May 13, 2004

Arch Madness, a Nutrition Rant

Everybody knows about "Super Size Me", which is out in theaters now. I'll Netflix that someday, so a review will have to wait. Coming soon, though, will be another film from Soso Whaley who also spent 30 days dining exclusively at McDonald's. And guess what? She dropped 7 pounds in the first 15 days.

Anyone shocked? Not me - it all goes back to the choice factor. Morgan Spurlock, the Super Sized One, gained 25 pounds. Can you gain 25 pounds at home in a month? Sure. It's hard work to take in nearly 3500 extra calories a day, but it can be done. I think good soda and beer infusions would help. Lots of cake, lasagna, turnovers, pork steak, bratwurst, and fried chicken would give you a good boost. Full-fat cheese, bacon. Oh, and don't leave your chair.

(My source on the second film is old - meant to blog this a couple of weeks ago).

We are human beings, capable of many amazing things. We make many choices in our daily lives. What we eat and how much of it shouldn't be all that difficult, especially when something as objective as weight gain surfaces. We all do have to eat. Food is not tobacco, and I scorn the people who try to lump them together.

Somehow I manage to avoid the McDonald's across the way from work and the one right by the gym about 364 days out of the year. On that 365th day or so, I usually eat a medium fry, grilled chicken sandwich with no mayo, and drink either water or lemonade. This is 450 - 650 calories, depending on what I'm drinking and how much BBQ sauce I put on my fries.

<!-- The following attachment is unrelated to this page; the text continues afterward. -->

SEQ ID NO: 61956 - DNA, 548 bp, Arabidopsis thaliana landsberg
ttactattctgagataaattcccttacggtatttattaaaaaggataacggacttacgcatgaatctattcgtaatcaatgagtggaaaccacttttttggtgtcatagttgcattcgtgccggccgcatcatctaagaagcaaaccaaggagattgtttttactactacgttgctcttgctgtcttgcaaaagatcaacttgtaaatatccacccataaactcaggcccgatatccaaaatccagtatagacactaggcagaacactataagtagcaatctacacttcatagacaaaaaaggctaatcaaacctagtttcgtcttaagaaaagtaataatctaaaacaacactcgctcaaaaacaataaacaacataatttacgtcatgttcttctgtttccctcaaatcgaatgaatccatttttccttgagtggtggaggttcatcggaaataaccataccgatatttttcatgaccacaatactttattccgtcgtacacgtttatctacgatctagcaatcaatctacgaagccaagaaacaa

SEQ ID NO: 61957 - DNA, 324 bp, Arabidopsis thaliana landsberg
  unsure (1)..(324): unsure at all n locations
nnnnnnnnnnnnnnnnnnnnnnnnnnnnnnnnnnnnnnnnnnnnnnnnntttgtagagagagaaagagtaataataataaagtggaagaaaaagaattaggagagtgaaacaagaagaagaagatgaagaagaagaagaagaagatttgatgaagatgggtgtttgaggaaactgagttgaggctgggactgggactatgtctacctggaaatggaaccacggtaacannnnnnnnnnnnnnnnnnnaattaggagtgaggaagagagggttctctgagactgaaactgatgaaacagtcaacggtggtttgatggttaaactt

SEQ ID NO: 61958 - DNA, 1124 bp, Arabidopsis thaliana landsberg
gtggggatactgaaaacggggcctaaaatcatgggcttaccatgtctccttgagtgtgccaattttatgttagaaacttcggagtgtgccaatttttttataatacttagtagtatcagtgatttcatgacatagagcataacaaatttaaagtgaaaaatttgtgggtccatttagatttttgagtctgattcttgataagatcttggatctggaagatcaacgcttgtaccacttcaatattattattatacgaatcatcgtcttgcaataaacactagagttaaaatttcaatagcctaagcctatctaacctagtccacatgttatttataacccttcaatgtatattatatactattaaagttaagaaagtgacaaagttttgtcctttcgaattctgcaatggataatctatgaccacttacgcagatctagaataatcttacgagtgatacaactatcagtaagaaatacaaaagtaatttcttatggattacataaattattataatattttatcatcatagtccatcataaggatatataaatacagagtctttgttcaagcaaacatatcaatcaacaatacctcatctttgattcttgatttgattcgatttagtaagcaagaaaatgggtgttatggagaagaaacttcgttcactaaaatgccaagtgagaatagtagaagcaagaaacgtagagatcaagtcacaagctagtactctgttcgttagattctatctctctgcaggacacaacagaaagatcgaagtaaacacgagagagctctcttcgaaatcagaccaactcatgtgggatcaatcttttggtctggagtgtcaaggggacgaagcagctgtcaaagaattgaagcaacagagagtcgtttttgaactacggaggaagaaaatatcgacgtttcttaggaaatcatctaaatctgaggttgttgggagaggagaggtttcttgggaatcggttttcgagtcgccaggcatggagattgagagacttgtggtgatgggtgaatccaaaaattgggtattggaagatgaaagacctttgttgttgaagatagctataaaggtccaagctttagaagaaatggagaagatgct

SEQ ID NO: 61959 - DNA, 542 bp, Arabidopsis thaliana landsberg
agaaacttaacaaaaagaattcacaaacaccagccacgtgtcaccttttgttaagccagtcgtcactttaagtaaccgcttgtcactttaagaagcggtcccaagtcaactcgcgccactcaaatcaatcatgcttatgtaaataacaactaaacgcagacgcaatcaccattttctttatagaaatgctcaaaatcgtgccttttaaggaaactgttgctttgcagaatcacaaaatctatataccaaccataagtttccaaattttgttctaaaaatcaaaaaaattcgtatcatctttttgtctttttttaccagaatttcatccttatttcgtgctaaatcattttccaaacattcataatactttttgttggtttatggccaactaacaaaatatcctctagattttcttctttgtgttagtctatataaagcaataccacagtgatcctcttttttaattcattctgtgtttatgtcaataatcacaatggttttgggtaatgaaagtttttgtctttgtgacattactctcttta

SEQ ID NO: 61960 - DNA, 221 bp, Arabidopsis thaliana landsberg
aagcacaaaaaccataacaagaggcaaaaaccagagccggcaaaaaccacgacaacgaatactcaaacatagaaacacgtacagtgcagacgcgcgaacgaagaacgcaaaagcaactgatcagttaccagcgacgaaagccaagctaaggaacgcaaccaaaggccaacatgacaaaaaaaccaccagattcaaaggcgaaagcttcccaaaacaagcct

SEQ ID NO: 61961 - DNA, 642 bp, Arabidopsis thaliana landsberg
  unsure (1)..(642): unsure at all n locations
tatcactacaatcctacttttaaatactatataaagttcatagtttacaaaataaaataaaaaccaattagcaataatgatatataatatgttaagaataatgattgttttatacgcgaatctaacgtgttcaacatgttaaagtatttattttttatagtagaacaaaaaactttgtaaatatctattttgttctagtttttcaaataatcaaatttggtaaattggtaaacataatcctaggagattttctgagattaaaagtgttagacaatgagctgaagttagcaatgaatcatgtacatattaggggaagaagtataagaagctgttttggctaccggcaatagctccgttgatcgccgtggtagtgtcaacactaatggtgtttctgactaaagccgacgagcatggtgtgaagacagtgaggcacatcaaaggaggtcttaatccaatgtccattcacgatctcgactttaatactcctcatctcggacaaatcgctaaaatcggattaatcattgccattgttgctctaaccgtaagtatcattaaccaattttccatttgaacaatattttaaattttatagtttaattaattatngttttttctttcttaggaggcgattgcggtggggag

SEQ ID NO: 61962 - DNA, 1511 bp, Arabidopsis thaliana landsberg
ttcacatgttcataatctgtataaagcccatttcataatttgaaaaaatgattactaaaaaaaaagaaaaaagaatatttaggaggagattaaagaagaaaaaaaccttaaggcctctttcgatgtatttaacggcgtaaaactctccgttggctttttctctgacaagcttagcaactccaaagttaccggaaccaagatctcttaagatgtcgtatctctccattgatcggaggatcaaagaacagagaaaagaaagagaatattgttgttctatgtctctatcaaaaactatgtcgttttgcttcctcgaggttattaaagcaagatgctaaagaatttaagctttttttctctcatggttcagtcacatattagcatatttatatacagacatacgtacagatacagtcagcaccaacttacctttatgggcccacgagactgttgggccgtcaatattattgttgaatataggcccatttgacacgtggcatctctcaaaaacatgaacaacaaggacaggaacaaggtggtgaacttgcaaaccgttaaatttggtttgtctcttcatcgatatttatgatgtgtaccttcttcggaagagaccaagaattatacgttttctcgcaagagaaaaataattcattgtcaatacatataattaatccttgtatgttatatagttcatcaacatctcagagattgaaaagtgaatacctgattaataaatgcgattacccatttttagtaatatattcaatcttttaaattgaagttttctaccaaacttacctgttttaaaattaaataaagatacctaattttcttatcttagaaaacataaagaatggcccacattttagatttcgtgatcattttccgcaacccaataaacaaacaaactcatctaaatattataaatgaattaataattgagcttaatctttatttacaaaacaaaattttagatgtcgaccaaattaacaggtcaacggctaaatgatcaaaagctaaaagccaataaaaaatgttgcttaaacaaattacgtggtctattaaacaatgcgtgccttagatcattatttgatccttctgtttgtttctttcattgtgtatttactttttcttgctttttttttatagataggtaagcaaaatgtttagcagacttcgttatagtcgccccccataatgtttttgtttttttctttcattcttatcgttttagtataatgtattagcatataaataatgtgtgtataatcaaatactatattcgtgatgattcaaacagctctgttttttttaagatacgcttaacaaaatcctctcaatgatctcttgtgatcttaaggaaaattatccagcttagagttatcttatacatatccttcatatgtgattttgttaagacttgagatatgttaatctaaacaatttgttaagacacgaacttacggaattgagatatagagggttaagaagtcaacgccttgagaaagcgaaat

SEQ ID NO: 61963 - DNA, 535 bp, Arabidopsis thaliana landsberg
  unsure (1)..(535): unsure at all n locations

I found an article on from last Friday that set me off. Most of the article is about the issue as a whole, including proposed legislation to block silly lawsuits. But what's the title? Advocate: Lawsuits viable obesity weapon. What do you think CNN thinks?

Yes, people are fat. Whose fault is that? In most cases (yes, Heather is making a few exceptions for medical anomalies), it's the individual's fault. While I agree with the end of raising awareness and bringing about more healthy alternatives, the lawsuit means are not acceptable. No one forces you to visit a restaurant, and no one forces you to order off of a restaurant's menu if it doesn't contain healthy food. And that's the heart of this - we have free will. It's not irresponsibility of the food industry for giving consumers what they want. The responsibility lies with the individual. You, potential sue-r, you're a freaking sheep! Baaaa!

"Trial lawyers and (state) attorneys general can be extremely helpful," said Michael Jacobson, head of the consumer group Center for Science in the Public Interest, by "filing innovative suits" that prompt foodmakers to produce healthier foods.

CSPI is behaving like PETA here. The end does not justify the means. So put your clothes back on and get out of the cage, Jacobson. (That'd work better if he were female).


Posted by hln at May 13, 2004 05:22 PM | RANT | TrackBack